The west shore. (Portland, Or.) 1875-1891, February 01, 1884, Page 44, Image 12

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thirty miles in diameter, belted on nil sides by the Blue
Mountain was subsequently the site of a huge volcano.
Tim Blue Mountains were then a system of islands,
gmwin up from the water into a rnnge of mountains.
The upheavals, whether secular (by the century) or
.u.r..i-Hmiil. Wether with the volcanic disturbances,
wised deep canyons and a most rugged surface. But
all this unevenness was converted into a level plain by
)f the lava during the time of eruptions,
mid this has Iteen converted into the smiling valley we
we to-day.
In all probability this ancient volcano was the highest
jteak oi the JJlun Mountains, and tncretore tne nrst w
rear its head nlxve the vast expanse of waters. What a
field for tho play of the imagination! Let us imagine a
million of years condensed into the space of an hour. We
aro hovering in mid-air above tho heaving ocean. We see
a dark serk slowly rising amid the white-capped waves.
Higher and still higher it rises. The sea gulls gather
aliout it anil their screams echo along the rolling billows.
Millions of acres of land. roiiL'h and broken, surround the
base of this majestic jienk. Shell fish of every species
are clinging to tho .rugged nx-ks which form the outer
wall of defence against the aggressive waves. Here the
wa fowl lay their eggs and hatch their voung. The sea
and walrus climb up the rugged cliffs to bask in the
glorious sunlight " But hark! a deep sound strikes like
a rising knell I I he whole island seems convulsed
The walrus and seal glido into their natural element
The birdB shriek and cleave tho Bir with frantic wing.
The rocks we rent in twain, and, with the roar of ten
thousand cannon, the molten lava burst forth frnm tlio
summit of this lofty joak, iours down its sides, rolling
r.. ....... ii . . .... ' b
. .. w. uT um uneven surtace, licking up the waters in
the urn. f the reft rooks with the tongue of n vampire
and the hiss of a dragon. As the water seeks its level 80
doe. the liquid fire, and we witness the formation of a
V "m" "UMreu miles m circumference. Time
n.llso, ad the lofty peak molts away until level with
the plain, which is miard.vl n :.i i... , .,
, " '"'"7 l'rang irom chaos.
J"?.!? !f Nature has
tlu. fl U . i lmr" ie summits,
y Sti : ? rlm:h in th
tbn gr vo S i 1 i I 8ftmHme8-
. . ...... mm roum, ,
amUmc o Xr York ami C , n Pot8d
Kh e J I, "a(la,Vere Wmh
formed at Pv,ry ebb- 7, t,lIe aml "
When the mountain systems had been perfected,
encircling the waters between the Rocky Mountains and
Cascade Eange, forming a great inland sea, the tide no
longer ebbed and flowed there "twice in twenty-four
hours." Eat when tho alarm of tlio eicsiu w bounded :
when the thick clouds were mustered for the black tenx!
pest, and the winds burst forth in their mad fury, then
the waves dashed up the steep sides of the sand cliffs and
each left its ripple 'marks as it receded. In the process
of time the sand was changed to stone, the wave lino- !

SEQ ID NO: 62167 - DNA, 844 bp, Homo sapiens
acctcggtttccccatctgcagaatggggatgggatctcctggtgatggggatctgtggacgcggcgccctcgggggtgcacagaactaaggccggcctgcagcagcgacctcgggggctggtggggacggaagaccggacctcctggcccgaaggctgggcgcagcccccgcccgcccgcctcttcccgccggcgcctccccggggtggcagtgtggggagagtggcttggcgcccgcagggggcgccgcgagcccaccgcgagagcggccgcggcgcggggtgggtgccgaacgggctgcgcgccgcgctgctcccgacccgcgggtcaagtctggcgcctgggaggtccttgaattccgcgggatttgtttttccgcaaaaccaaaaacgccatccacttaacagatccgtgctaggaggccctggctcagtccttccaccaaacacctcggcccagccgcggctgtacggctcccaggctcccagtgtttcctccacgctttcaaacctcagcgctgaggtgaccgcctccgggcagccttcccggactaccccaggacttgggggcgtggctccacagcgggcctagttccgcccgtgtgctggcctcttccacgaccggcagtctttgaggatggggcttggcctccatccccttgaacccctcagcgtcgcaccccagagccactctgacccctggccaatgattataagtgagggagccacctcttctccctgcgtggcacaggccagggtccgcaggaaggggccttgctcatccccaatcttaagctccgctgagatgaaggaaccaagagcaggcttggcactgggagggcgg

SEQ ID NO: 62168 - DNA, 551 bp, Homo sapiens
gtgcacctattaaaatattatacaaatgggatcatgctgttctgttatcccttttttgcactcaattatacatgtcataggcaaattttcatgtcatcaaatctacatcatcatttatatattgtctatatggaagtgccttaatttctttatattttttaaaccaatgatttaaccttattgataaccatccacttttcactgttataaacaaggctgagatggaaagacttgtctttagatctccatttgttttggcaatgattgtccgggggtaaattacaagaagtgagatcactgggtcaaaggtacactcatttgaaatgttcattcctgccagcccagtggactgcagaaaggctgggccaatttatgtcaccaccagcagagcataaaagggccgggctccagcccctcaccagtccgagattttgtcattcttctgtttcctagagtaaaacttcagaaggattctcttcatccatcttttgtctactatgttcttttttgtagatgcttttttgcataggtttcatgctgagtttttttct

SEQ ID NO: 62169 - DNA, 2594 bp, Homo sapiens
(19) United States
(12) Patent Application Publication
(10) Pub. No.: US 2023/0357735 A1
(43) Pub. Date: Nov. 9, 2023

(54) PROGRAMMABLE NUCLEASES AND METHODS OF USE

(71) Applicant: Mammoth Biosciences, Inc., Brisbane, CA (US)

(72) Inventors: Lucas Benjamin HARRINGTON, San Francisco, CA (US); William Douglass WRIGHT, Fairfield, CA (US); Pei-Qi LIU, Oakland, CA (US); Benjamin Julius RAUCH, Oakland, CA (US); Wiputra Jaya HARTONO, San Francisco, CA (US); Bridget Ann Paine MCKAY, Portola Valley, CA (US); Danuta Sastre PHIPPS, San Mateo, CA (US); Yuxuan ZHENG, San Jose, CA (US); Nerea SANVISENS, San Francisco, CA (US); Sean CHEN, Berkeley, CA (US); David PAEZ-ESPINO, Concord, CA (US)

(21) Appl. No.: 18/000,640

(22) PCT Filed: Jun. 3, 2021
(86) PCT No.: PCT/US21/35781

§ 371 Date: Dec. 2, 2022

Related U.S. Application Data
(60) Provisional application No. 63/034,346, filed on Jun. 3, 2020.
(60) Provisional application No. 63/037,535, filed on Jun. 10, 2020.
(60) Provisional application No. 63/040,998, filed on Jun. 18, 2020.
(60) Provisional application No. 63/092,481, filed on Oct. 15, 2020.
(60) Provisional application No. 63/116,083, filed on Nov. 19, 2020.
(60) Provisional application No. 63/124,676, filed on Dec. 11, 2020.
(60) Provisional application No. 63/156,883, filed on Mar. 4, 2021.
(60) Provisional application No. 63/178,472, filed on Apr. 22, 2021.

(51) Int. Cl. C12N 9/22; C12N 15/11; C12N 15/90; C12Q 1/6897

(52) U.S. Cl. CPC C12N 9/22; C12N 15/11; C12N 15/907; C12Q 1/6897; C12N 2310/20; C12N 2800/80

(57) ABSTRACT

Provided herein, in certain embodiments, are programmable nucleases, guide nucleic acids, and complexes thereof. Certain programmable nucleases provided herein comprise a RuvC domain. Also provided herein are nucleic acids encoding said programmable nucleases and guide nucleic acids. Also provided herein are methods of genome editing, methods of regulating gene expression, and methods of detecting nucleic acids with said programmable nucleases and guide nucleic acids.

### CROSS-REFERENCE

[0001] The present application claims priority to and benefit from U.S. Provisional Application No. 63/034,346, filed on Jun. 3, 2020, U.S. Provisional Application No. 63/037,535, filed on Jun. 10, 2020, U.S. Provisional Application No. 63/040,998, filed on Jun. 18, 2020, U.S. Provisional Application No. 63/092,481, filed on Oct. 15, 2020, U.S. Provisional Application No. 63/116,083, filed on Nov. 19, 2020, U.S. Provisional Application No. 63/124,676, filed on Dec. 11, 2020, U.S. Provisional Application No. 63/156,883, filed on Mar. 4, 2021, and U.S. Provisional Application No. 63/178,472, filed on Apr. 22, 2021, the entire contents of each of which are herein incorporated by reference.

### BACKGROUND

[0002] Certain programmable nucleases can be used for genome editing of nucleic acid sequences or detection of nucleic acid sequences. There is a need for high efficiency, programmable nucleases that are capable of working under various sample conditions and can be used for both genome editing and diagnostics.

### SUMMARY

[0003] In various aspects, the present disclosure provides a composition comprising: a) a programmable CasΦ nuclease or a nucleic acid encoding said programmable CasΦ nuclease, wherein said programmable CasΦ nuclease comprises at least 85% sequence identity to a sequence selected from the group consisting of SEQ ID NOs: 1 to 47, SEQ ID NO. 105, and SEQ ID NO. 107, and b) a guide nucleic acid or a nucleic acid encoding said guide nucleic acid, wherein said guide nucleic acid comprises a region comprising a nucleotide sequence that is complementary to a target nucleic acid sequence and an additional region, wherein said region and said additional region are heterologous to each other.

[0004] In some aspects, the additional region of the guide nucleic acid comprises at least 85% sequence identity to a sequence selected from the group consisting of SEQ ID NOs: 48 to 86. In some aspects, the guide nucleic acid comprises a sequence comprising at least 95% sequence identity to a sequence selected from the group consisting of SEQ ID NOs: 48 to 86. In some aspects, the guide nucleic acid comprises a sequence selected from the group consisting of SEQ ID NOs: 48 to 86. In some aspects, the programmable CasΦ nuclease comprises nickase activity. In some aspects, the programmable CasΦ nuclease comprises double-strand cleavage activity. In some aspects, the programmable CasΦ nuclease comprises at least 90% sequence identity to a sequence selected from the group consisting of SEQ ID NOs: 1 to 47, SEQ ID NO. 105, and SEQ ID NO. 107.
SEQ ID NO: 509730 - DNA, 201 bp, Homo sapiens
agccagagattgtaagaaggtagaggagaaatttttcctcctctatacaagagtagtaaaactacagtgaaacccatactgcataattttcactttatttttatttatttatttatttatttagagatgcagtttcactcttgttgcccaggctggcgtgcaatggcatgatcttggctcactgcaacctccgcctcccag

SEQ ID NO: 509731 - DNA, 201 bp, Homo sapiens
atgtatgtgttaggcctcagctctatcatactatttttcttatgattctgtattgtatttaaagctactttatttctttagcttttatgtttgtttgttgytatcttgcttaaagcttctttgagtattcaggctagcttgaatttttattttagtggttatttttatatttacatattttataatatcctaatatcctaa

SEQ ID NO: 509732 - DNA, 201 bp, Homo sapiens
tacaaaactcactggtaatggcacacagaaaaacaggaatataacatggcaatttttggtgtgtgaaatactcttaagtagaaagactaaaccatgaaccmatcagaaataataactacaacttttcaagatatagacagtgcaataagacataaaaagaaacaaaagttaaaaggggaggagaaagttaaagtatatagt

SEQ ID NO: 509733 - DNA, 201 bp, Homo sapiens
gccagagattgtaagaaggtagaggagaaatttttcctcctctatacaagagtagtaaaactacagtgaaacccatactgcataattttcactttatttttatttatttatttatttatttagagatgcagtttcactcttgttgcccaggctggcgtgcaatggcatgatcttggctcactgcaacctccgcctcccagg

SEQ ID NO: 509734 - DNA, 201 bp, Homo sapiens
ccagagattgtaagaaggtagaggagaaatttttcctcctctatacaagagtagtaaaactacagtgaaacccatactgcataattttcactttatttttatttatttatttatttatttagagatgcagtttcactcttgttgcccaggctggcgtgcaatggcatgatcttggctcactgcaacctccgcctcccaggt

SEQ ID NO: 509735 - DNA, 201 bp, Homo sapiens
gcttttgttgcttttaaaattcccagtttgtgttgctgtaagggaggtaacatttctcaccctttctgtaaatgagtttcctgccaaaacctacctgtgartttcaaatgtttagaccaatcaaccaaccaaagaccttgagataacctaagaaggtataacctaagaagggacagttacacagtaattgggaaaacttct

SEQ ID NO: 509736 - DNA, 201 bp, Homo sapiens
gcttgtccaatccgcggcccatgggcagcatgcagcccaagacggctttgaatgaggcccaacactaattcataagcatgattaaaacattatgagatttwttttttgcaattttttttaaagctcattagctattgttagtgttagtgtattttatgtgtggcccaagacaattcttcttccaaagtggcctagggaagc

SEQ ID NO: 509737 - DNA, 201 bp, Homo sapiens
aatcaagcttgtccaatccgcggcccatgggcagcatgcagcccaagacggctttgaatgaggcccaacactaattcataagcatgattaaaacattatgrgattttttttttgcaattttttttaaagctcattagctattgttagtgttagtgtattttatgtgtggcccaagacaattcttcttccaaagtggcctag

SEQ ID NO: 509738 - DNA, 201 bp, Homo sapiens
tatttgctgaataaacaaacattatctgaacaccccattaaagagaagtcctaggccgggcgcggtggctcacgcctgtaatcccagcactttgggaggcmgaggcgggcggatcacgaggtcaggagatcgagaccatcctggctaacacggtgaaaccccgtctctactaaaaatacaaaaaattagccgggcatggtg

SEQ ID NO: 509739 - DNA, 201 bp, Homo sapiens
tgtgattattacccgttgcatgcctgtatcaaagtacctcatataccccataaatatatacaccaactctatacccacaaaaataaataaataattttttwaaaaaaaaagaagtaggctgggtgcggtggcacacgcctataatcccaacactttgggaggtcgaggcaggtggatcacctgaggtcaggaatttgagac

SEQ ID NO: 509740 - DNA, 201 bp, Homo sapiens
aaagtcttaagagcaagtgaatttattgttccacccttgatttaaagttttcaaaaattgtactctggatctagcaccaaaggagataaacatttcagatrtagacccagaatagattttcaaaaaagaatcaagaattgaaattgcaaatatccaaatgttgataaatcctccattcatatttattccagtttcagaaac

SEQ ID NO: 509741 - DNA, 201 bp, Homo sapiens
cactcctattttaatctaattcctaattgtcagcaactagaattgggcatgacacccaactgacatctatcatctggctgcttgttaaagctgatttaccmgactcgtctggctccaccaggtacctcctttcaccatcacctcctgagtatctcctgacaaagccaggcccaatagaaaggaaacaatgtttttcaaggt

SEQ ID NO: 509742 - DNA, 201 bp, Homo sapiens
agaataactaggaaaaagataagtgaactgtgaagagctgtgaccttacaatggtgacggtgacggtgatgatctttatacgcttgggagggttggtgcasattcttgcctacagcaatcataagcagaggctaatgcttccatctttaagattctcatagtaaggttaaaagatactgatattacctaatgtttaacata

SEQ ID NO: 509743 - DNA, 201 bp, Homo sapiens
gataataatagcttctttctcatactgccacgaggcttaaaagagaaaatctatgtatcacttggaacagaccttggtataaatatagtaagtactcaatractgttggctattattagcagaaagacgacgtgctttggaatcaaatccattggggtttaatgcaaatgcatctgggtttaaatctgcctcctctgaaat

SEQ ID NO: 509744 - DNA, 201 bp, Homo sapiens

still remainedmementoes of a past epoch.
As the upheaval of the bed of the imprisoned waters
continued, their surface gradually rose until far ahnva ti, i
i v mo i
level of the ocean, unable to escape the mountain chain 1
that formed an impenetrable barrier to their eOTeaa
there was a diminution from evaporation, it was more f
than compensated by the rainfall during the rainy '
season. Then as now, the sea breeze carried east,,,! t
WV f
the ocean-formed clouds, when the moisture was con- j
densed by the cold and the rainfall was general. Streams j
and rivers were formed, all flowing into the imoriaonBil
waters, which were thus constantly increasing. Leaving '
this great basin to nil up, we now turn our eyes toward '
the setting sun. I
See! the Coast Range is beginning to emerse Th ,
elevating force is greater at the south than the north, for '
at this day the mountains decrease in height as they ap- j
proach the Columbia River. Passing the northern j
boundary of Washington Territory, the Coast Ranee
dwindles into a system of islands which can be traced to
ii . . . . i
Alaska. After the Coast Range Mountains had emerged
as far north as Puget Sound, the Cascades. Dreviouslvthe i
eastern shore of the Pacific, were cut off from communion
with the ocean, and the Coast Range became the eastern
boundary. Then another great inland sea of imprisoned
waters was formed, bounded on the east bv the Cascades
and on the west bv the Coast Ranffa. All of Willflmetta
Valley was then calmly reposing beneath the waters. '
we return to the great sea lying between the Rocky
Mountains and Cascades. Dnrinff the lame of aces.
. . o x O
since we last gazed upon it, the imprisoned waters have
lencnea tne summit of the Cascades. A storm arises. !
Great waves are rolling across its snrfann. See! what a
monster billow approaches! It would overwhelm a whole
fleet! Now it breaks With tlin trTfa rt a million tnnfl
. vu HU W VW VJ. 1 MAUu "
against the rocky barrier interposed between two lofty
Vn1.n T 1 .... . - j
Foams JJOOKI A rftrt nf tho mmmtn n mtral nut. nf 1W
X" " 1UUUUVCUU AO 1UU1CU vv vm -
place and borne irresistihlv forward TlofnrA it. vnwns an !
awful precipice; but, as if-exhausted by the gigantic J
oiruggie, tne waters retire and the loosened mass of rock j
is once more at rest Again and aeain the waters roll ,
forward, like the phalanx of ii third wave, i
towering like a giant, dashes upon the shattered mass, !
bearing it grandlv on. thn
of feet below. The brnnb y,aa mBAa ond now the !
, .-w rvJVAi UIUUV
imprisoned waters rush madly on reeling, falling, foam-ing-carrying
everything before them, wearing
passage through the soUd rock, as they cut a channel I $ v
the grand old Columbia. W. H. Chaney.